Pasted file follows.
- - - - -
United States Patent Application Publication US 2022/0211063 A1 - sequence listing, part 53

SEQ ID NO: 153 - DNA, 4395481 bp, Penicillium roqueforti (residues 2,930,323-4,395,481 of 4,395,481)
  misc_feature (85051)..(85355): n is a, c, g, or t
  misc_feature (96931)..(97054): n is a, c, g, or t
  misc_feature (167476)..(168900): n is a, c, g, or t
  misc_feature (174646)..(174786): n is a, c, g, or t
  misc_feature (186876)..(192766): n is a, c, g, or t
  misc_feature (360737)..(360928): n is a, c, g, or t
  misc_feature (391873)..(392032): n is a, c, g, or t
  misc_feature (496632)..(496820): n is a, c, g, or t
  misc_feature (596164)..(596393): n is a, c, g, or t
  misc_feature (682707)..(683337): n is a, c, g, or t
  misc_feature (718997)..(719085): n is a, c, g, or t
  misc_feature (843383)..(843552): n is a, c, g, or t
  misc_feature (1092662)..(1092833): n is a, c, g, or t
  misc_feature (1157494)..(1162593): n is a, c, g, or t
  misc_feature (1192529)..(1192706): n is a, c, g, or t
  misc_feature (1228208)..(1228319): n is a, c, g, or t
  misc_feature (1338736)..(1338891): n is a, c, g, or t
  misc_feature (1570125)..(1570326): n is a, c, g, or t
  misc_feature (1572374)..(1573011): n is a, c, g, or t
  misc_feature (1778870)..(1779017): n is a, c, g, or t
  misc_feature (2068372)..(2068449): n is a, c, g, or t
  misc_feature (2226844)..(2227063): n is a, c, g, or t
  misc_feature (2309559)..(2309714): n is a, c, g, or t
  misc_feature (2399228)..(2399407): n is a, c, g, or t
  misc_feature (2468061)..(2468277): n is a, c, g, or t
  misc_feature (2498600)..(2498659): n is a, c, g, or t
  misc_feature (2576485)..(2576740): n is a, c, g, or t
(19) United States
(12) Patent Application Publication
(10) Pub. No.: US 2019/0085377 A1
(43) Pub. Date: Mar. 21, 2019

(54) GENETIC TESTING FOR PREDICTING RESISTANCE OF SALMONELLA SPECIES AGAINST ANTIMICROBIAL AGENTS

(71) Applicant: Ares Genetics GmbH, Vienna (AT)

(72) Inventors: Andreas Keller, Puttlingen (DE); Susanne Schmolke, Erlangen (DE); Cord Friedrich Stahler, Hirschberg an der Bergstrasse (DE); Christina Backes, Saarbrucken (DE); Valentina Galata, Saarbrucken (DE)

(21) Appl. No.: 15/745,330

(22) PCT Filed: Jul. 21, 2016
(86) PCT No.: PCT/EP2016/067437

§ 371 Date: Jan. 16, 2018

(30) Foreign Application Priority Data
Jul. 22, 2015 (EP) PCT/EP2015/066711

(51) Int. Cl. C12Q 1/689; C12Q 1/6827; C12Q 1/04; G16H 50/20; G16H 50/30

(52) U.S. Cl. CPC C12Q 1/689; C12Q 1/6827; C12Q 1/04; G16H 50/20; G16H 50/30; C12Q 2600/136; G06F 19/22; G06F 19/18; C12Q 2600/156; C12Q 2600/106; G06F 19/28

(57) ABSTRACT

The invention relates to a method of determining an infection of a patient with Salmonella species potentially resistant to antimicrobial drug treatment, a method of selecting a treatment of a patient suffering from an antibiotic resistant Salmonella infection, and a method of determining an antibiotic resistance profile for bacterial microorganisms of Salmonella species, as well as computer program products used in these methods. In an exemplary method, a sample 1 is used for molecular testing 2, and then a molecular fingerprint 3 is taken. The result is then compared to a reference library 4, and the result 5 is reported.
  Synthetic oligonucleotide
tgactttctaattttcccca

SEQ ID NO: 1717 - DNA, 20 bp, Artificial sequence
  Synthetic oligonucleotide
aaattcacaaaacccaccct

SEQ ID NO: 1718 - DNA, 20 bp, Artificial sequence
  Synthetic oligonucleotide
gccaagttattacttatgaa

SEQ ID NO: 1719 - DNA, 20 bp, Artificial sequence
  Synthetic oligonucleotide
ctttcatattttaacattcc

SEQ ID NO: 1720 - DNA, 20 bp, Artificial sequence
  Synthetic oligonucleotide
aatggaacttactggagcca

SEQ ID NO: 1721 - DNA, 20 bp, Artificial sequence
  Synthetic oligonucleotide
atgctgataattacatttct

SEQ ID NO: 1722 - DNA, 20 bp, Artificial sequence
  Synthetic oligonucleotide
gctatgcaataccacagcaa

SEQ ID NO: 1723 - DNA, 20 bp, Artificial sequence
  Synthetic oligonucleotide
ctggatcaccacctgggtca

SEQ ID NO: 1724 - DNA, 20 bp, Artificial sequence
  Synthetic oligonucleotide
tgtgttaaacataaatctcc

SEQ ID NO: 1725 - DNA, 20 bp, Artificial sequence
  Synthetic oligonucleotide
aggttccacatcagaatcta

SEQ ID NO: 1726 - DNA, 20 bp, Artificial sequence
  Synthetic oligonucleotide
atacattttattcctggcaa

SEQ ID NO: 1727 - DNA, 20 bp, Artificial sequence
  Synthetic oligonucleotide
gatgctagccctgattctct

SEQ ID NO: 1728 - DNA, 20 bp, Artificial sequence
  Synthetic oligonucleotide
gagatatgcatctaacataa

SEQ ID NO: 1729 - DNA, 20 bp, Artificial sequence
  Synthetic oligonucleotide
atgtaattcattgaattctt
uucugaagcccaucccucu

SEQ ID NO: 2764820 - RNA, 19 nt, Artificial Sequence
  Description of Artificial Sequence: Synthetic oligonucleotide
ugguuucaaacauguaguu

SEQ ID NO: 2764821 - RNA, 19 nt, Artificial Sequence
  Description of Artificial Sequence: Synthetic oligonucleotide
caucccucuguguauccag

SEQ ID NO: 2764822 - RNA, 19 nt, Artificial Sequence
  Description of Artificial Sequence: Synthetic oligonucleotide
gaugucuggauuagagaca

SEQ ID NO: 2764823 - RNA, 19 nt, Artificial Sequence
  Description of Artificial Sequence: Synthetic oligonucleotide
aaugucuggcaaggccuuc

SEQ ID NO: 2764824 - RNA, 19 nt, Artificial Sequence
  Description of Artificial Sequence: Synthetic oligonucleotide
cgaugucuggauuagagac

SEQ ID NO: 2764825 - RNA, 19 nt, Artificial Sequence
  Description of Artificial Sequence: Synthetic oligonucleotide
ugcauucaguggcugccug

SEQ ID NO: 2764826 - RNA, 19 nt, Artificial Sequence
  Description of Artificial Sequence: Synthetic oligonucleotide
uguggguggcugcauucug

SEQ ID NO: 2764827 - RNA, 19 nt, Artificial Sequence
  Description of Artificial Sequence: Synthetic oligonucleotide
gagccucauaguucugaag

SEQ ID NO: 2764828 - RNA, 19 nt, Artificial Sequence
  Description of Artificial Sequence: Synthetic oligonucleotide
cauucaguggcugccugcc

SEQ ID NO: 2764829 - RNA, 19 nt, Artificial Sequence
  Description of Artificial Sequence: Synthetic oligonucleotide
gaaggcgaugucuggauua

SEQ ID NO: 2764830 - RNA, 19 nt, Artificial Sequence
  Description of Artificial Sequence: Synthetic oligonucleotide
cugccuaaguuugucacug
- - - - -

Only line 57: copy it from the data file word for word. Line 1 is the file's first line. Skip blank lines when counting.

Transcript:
ctttcatattttaacattcc